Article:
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Lloyd Greif Center Awards Six USC Student Teams Funding to Launch Businesses New Venture SeedCompetition Fuels Entrepreneurial Energy Throughout CampusDecember 13, 2010 • by News at Marshall
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Of the 80 teams and approximately 200 students who submitted business proposals hoping to start the next Kinko's or Pinkberry or Myspace.com -- a few of the many world-renowned companies founded by USC alumni -- 12 finalists presented their ideas to seasoned investors.
On the volunteer judging panel were Lloyd Greif, President and CEO of investment banking firm Greif & Co.; Rob Ukropina, Founder of Overnite Express; Thomas J. Leary, securities partner at the law firm Manatt, Phelps & Phillips, LLP; Dr. Fred M. Haney, venture capitalist and President of The Venture Management Co.; and Robert Aholt, vice chairman of the angel investment capital group Pasadena Angels.
In previous years, the competition had separate categories for undergraduates and graduate/faculty levels. Bryce Benjamin, CEO-in-Residence at the Lloyd Greif Center and the organizer of this year's competition, decided to eliminate the separate categories. This way, the competition functioned much more like the real world. In the real world, Benjamin stressed, entrepreneurs compete for funding against the world's best regardless of age, education, or experience.
And the winners are...
"I think the students were extremely impressive," said Lloyd Greif, the founding donor of the Lloyd Greif Center for Entrepreneurial Studies. "The finalists were a nice mix of businesses, ranging from consumer products to technology to social entrepreneurship Internet ventures. Most had very compelling market needs that they were addressing with unique solutions. These were not theoretical or hypothetical companies. These were the real deal."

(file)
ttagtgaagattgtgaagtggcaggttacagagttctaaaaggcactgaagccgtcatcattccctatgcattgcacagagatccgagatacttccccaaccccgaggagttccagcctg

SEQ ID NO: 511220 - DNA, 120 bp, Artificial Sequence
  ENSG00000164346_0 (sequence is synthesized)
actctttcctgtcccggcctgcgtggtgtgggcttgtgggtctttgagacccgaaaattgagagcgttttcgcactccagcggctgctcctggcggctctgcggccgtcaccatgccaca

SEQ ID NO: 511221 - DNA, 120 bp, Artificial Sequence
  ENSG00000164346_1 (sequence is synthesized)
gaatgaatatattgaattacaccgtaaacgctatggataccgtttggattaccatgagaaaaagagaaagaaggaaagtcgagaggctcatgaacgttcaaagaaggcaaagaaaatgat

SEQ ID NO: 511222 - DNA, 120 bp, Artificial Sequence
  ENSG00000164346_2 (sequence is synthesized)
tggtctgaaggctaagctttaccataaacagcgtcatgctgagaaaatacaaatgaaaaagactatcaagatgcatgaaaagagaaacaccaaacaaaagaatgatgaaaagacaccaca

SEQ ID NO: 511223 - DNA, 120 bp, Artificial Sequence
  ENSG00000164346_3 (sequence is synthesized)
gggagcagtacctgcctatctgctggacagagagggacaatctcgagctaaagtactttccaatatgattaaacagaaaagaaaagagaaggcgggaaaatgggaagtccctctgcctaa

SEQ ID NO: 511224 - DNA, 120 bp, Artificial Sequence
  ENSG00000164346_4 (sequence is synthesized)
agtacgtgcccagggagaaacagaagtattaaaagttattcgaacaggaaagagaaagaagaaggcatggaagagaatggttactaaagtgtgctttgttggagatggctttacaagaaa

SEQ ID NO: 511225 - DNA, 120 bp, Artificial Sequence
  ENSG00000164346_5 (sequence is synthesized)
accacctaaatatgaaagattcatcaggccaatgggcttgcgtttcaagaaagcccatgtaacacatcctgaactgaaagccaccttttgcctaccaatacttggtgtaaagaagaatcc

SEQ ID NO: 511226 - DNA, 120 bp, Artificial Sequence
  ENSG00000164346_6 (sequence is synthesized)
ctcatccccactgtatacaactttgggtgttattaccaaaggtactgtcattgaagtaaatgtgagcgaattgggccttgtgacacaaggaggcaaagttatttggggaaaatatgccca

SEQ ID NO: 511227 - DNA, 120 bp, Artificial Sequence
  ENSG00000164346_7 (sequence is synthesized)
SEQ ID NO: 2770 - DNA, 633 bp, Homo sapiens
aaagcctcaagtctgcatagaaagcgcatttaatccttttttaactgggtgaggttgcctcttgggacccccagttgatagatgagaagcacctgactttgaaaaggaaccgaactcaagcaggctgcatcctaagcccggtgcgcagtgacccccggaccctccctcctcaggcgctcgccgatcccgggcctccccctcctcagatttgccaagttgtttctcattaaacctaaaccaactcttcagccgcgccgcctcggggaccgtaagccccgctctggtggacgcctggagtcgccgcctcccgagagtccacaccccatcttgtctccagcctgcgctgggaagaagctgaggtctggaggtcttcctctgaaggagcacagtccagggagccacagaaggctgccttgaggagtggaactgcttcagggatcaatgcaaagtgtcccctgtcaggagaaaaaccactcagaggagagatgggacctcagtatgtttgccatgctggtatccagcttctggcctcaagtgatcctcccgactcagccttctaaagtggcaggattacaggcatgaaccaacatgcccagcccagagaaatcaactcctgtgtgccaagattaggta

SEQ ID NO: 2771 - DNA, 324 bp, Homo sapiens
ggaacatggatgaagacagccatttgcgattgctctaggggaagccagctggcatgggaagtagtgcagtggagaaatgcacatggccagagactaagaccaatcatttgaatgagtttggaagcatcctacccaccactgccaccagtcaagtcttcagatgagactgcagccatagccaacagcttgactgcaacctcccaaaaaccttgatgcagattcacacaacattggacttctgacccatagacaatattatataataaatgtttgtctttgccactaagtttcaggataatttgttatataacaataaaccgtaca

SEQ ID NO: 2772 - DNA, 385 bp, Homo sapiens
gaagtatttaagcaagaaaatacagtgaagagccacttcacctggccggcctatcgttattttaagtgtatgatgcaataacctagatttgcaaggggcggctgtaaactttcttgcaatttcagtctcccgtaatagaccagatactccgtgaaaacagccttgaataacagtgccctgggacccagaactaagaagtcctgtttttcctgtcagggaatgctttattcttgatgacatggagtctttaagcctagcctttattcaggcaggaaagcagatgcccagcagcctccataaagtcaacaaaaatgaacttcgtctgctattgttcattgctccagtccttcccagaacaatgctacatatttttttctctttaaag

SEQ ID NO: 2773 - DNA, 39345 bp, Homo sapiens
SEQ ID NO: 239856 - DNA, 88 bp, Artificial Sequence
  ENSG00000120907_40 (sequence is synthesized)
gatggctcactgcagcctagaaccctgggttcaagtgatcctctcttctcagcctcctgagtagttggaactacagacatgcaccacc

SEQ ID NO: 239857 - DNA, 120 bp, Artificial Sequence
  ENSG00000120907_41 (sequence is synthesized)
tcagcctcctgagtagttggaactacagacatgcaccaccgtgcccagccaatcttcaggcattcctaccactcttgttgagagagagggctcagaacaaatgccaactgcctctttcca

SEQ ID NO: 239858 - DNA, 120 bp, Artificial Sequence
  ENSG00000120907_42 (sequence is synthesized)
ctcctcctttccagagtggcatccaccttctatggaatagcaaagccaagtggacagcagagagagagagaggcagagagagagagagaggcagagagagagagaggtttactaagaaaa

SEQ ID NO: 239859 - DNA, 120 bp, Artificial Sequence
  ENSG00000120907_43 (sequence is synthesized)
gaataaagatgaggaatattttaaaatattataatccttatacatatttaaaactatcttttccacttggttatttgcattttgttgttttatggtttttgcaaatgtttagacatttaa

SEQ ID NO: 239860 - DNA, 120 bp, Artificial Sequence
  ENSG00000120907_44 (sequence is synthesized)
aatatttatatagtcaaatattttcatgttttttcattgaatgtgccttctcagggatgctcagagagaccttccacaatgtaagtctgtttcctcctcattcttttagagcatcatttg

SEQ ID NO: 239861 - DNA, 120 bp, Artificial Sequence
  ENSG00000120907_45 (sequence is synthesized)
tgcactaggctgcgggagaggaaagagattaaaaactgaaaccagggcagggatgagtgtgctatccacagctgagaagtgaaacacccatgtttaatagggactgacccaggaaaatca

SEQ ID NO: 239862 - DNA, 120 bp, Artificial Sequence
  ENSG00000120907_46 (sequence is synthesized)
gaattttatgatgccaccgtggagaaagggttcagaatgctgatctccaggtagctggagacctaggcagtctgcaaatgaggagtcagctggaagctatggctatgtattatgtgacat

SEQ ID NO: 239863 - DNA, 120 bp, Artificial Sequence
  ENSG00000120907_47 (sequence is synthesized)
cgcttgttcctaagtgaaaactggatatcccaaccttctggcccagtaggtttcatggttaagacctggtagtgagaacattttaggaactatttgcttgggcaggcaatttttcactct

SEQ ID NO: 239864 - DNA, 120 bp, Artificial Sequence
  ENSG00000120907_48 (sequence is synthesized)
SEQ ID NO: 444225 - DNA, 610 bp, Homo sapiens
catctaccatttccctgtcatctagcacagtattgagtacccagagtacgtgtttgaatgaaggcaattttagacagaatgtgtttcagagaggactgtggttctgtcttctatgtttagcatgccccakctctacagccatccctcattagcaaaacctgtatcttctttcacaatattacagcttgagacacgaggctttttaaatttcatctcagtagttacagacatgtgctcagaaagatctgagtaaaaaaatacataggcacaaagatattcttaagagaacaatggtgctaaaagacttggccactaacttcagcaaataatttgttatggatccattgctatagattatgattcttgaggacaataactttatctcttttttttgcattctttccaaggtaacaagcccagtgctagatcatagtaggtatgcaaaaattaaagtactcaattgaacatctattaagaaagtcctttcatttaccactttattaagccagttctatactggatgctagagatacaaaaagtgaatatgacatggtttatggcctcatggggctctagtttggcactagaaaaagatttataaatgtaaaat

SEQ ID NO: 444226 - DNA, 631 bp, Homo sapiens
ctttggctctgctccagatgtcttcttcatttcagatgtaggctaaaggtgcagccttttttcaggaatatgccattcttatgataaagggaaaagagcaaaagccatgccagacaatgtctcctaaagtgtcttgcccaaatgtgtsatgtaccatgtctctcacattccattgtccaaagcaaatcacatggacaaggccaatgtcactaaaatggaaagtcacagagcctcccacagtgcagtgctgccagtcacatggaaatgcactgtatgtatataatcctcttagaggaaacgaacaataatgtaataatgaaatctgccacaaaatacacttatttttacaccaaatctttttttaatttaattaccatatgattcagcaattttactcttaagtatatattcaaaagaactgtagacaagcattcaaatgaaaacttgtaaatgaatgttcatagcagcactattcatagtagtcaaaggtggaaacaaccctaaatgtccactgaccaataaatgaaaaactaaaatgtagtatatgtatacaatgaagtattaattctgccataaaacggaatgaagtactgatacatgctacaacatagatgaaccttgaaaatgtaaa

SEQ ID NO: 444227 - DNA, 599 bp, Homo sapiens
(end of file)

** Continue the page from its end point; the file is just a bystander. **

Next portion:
The judges found three business ideas to be the most promising: a proposal to create an application that would provide a one-stop log-in for social gaming (PlayOnSocial), a sail that can be used to slow down extreme skateboarders and skiers so that they can perform precise maneuvers, and a website for individuals with disabilities to rate and review restaurants, hotels and attractions. The teams with the above ideas were each awarded the top prize of $12,500.
PlayOnSocial founders Justin Lewis and Kevin Greene, who are seniors at the Viterbi School of Engineering, realized that people don't like creating new user accounts for each game or application. Their winning PlayOnSocial concept allows users to login into a website or online game using any combination of their existing accounts for popular sites like Facebook, Google, MySpace, Twitter and Microsoft WindowsLive messenger. Lewis and Greene plan to launch the engine in January, and said they will put the prize money into marketing to build their customer base.
Sporting-Sails (http://www.sporting-sails.com) by Sukrafte LLC, which was founded by Nick Smith, a senior in Marshall's entrepreneurial studies program, and his brother Billy, was also awarded the top prize. The company has already sold 200 Sporting Sails worldwide since obtaining a design patent in April for a kind of body parachute that skateboarders, snowboarders and skiers can use to reduce their speed and maneuver treacherous terrain. Their business was inspired by their grandfather, H.W. Smith Jr., who in 1977, manufactured a similar product called the Ski-Klipper, which had been modeled after the device created by Italian skier Leo Gasperl in the 1930s and 40s. The brothers plan to use the seed money from the competition to develop new styles and colors as well as a pro model that would allow professional skateboarders to push the boundaries of the craft further. They also plan to apply for a utility patent to protect their design.
Speaking about the competition, the Smiths say they appreciated the recognition from business leaders with vast business experience as much as the award.